In December, Lake Charles Memorial Health System disclosed that hackers breached its network and accessed patients personal data in an attempted ransomware attack back in October. CNN reported that the hackers access the data of nearly 270,000 patients. The health system thwarted the hackers’ attempt to encrypt its computers and prevented any disruption to patient care, CNN reported.
U.S. hospitals are facing an unrelenting barrage of ransomware attacks and these attacks accelerated during the COVID-19 pandemic. The federal government has warned about ransomware operations that actively target hospitals and healthcare organizations.
The Department of Health and Human Services (HHS) recently warned that pro-Russian hacktivist group Killnet is actively targeting the U.S. healthcare industry with distributed denial of service (DDoS) attacks. In an analyst note, Health Sector Cybersecurity Coordination Center said the group's DDoS attacks can cause "thousands of connection requests and packets to be sent to the target server or website per minute, slowing down or even stopping vulnerable systems."
"While KillNet’s DDoS attacks usually do not cause major damage, they can cause service outages lasting several hours or even days," the department said.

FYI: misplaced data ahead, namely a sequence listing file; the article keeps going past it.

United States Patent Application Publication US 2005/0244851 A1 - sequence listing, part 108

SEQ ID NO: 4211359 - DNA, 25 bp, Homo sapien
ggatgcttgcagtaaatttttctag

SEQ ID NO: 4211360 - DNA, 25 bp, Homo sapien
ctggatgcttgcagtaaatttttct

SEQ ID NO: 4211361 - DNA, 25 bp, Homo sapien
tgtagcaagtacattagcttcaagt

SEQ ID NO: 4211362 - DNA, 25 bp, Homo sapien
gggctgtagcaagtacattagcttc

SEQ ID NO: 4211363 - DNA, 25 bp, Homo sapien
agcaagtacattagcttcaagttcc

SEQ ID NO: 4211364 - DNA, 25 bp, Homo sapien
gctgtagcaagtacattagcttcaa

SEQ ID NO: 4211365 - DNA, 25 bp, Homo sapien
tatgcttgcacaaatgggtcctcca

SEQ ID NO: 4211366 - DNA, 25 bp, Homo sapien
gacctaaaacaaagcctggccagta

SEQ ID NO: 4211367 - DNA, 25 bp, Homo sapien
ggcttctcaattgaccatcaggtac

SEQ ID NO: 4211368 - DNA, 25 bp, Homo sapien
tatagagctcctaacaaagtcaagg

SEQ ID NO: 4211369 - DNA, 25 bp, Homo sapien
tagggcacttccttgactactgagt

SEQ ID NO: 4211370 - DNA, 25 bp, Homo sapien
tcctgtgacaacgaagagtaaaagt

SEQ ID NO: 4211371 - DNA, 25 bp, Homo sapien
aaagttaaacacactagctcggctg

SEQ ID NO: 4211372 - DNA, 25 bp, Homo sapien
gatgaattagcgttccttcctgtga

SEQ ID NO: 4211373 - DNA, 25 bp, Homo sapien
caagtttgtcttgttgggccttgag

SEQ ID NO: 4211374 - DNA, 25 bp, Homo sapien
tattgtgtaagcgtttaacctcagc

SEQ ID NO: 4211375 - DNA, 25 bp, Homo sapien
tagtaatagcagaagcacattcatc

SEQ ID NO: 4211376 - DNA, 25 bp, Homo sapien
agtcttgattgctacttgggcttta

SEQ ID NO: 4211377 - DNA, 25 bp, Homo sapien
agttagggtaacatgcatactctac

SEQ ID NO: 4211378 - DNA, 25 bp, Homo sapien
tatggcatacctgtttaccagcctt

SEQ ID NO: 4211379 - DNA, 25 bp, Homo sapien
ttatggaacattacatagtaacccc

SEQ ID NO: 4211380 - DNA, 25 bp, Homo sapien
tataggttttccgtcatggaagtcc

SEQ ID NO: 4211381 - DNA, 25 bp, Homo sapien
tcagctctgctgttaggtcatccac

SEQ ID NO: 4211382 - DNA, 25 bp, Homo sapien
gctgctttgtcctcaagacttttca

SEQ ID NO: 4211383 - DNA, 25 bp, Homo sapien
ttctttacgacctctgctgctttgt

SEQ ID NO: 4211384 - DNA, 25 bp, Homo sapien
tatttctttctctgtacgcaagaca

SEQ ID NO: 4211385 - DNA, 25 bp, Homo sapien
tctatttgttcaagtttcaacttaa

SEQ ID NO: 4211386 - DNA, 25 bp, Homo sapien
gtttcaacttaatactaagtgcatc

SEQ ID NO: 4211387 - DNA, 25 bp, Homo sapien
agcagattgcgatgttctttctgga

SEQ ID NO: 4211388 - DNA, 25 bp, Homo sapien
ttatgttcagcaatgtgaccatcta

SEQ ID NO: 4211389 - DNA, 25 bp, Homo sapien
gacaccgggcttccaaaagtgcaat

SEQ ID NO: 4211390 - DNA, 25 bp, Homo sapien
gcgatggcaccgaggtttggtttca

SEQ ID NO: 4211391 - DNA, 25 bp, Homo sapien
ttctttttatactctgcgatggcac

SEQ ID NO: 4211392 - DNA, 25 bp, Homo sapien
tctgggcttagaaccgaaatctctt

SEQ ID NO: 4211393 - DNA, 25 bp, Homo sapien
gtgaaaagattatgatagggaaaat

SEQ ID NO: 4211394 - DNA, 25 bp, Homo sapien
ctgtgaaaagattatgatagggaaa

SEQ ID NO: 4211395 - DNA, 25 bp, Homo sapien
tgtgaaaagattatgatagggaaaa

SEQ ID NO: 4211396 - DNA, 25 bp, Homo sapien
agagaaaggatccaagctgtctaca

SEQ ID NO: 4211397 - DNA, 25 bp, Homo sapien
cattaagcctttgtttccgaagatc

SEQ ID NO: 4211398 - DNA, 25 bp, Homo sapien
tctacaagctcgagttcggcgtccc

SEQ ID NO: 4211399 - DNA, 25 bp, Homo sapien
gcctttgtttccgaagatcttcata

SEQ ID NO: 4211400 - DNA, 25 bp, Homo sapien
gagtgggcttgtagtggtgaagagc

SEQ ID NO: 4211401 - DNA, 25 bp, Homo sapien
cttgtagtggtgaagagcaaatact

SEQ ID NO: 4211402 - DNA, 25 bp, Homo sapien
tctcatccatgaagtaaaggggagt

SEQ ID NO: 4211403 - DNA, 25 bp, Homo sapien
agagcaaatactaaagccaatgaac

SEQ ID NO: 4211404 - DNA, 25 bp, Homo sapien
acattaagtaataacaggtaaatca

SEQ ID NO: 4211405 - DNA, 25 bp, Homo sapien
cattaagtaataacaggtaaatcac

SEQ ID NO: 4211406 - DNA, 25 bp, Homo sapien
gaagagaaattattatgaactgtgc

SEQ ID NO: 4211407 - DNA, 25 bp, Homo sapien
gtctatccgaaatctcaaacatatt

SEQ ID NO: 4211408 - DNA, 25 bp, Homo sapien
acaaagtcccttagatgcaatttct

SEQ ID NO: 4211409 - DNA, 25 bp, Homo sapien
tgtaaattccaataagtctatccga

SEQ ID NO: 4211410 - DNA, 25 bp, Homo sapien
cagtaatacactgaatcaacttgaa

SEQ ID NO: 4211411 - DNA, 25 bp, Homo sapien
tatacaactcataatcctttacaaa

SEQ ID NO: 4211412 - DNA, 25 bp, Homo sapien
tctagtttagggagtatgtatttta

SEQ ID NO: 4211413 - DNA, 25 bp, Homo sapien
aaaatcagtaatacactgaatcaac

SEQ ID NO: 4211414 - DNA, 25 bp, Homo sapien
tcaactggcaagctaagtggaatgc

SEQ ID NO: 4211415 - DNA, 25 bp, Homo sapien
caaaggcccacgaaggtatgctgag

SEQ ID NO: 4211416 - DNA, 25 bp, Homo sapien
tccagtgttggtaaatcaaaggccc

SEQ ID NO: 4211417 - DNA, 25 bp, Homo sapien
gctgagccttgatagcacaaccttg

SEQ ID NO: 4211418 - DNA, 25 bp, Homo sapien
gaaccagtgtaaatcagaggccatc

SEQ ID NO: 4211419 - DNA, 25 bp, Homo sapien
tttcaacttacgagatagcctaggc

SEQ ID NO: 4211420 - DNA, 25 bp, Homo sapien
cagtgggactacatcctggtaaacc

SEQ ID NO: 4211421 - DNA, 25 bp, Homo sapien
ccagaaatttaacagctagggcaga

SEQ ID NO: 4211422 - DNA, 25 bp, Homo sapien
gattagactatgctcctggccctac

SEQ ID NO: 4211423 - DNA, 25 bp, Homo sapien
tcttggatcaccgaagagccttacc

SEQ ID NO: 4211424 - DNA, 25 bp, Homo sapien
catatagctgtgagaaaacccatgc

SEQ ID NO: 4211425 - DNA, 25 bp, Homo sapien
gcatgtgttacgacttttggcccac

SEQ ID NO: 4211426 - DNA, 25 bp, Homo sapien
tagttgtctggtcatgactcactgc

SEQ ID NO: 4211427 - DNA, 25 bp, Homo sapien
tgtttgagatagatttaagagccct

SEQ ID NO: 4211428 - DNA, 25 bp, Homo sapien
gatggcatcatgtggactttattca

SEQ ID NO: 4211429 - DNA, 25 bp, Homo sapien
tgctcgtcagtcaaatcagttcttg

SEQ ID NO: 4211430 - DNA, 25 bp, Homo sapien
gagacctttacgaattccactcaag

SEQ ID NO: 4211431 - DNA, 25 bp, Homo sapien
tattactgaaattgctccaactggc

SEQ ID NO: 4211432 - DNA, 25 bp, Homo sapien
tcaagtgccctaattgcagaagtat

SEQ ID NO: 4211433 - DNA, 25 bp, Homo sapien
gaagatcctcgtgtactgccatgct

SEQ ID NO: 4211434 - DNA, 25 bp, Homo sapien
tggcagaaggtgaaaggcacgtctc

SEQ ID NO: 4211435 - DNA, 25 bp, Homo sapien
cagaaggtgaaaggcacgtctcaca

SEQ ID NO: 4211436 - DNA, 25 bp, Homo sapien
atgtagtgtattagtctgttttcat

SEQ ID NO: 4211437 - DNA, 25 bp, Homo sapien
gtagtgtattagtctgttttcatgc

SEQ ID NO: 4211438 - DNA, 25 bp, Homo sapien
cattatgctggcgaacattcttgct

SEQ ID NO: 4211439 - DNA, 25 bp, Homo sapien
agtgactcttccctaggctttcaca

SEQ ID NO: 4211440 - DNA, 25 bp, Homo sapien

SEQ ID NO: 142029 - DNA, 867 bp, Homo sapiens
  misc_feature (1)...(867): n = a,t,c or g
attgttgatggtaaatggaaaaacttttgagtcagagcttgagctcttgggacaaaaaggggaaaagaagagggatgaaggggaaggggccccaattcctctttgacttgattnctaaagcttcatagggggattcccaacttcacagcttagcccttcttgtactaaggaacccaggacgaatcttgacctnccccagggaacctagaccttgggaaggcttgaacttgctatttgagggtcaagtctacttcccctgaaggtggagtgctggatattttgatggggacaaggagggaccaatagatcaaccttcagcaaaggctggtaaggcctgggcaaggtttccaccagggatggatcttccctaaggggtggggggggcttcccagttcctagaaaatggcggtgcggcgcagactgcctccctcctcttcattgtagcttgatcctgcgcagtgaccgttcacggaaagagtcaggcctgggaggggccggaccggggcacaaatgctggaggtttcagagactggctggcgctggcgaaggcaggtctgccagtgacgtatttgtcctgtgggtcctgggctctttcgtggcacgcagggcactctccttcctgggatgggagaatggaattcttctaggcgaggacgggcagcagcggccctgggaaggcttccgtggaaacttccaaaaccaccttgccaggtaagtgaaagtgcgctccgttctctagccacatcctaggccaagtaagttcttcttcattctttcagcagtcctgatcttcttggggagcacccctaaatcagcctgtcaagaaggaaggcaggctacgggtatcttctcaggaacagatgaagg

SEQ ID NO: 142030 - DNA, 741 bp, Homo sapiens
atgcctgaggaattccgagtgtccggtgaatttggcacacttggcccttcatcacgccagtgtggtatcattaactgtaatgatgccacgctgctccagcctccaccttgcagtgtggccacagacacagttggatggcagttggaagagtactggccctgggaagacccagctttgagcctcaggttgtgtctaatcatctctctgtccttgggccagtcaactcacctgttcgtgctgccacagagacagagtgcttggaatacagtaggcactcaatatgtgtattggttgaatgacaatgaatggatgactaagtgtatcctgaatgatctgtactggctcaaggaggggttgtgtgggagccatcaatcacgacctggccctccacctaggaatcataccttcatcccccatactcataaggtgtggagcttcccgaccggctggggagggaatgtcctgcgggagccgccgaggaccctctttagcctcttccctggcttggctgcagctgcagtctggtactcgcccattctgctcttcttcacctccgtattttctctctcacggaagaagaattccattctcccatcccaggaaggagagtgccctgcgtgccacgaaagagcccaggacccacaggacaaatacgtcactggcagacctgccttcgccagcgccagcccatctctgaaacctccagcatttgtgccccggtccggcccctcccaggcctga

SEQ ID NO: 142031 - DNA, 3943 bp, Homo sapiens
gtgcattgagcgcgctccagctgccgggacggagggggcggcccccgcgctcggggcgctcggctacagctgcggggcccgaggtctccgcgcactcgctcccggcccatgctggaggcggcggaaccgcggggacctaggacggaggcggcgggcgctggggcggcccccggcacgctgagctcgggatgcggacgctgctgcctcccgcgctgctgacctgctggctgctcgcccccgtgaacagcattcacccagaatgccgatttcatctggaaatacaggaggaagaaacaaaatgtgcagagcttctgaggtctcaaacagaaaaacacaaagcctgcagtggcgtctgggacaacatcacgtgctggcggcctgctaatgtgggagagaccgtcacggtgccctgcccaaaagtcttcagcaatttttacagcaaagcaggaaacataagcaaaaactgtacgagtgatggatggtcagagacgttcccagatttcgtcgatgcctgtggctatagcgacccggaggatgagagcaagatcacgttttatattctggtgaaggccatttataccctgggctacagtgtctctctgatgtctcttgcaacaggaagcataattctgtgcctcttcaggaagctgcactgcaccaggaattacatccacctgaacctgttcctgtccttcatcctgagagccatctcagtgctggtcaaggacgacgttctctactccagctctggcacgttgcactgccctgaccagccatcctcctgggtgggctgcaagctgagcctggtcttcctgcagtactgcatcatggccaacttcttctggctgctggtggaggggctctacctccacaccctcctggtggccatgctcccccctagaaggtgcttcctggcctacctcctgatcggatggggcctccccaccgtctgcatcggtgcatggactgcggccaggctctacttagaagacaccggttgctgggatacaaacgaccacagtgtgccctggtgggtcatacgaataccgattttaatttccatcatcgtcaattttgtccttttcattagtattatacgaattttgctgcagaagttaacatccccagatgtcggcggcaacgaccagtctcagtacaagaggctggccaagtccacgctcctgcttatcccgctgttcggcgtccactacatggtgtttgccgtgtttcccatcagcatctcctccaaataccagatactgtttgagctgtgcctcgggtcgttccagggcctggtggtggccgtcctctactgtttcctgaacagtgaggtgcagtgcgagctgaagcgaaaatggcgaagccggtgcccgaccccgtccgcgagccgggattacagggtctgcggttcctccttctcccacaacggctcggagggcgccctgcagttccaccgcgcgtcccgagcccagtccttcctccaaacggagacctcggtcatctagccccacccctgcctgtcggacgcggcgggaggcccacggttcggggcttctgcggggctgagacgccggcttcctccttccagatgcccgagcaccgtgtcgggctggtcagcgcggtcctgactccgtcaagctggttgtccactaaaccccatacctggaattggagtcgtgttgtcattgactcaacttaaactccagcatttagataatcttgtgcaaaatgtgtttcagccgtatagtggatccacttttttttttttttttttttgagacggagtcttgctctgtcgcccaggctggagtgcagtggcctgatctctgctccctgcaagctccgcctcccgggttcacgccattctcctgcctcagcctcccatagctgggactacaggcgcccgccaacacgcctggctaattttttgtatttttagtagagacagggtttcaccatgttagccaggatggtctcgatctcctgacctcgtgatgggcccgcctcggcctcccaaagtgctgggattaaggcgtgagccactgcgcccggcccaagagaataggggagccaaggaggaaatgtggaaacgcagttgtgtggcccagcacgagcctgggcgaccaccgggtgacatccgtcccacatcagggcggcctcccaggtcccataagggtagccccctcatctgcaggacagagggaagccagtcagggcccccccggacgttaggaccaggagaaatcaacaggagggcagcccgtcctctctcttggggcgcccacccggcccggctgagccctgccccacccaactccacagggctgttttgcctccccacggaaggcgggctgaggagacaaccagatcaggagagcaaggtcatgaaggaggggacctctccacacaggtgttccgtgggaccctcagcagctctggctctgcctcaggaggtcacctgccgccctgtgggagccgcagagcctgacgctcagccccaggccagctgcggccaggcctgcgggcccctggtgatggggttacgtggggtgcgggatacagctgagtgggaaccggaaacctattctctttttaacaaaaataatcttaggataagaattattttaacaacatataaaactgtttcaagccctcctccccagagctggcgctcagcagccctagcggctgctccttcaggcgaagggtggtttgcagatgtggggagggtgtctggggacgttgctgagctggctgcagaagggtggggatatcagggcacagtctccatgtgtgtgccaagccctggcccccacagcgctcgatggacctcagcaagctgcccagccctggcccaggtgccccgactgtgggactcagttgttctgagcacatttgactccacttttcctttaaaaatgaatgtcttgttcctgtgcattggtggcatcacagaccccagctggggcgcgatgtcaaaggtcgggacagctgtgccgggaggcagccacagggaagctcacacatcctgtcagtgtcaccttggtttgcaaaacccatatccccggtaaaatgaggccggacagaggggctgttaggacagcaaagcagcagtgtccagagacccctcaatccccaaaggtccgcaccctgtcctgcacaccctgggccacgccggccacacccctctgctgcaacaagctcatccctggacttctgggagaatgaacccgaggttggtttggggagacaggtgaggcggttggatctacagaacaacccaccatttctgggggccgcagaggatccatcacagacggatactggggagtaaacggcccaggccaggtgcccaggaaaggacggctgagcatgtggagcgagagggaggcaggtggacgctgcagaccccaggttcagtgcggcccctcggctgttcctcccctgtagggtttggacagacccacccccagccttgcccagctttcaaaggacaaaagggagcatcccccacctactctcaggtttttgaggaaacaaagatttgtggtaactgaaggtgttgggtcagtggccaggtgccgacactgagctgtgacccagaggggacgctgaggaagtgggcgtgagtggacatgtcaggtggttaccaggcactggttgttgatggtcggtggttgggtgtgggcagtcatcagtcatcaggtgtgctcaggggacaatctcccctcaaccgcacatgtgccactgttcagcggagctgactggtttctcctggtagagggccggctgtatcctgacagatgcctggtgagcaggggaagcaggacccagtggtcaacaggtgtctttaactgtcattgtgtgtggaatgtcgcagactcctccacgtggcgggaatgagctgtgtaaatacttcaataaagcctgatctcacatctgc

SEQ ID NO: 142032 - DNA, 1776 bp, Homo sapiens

Last year, the group hacked a U.S.-based healthcare organization that supports U.S. military members and stole a large set of user data from the company, HC3 said in the note. On January 28, 2023 an alleged Killnet attack lists for hospitals and medical organizations in several countries was found by users and publically shared, HHS said.
Last month, the Justice Department announced it was able to shut down the computer infrastructure used by a ransomware gang to target healthcare organizations. The FBI, in coordination with international law enforcement groups and Europol, secretly infiltrated the Hive ransomware gang's infrastructure in July 2022. Hive has targeted more than 1,500 victims in over 80 countries around the world, including hospitals, school districts, financial firms, and critical infrastructure, according to the agency.
The FBI infiltrated Hive’s computer networks, captured its decryption keys, and offered them to victims worldwide, preventing victims from having to pay $130 million in ransom demanded. The FBI has provided over 300 decryption keys to Hive victims who were under attack, the agency said in a press release.
Law enforcement agencies also seized control of the servers and websites that Hive uses to communicate with its members, disrupting Hive's ability to attack and extort victims.
Since June 2021, the Hive ransomware group has targeted more than 1,500 victims around the world and received over $100 million in ransom payments.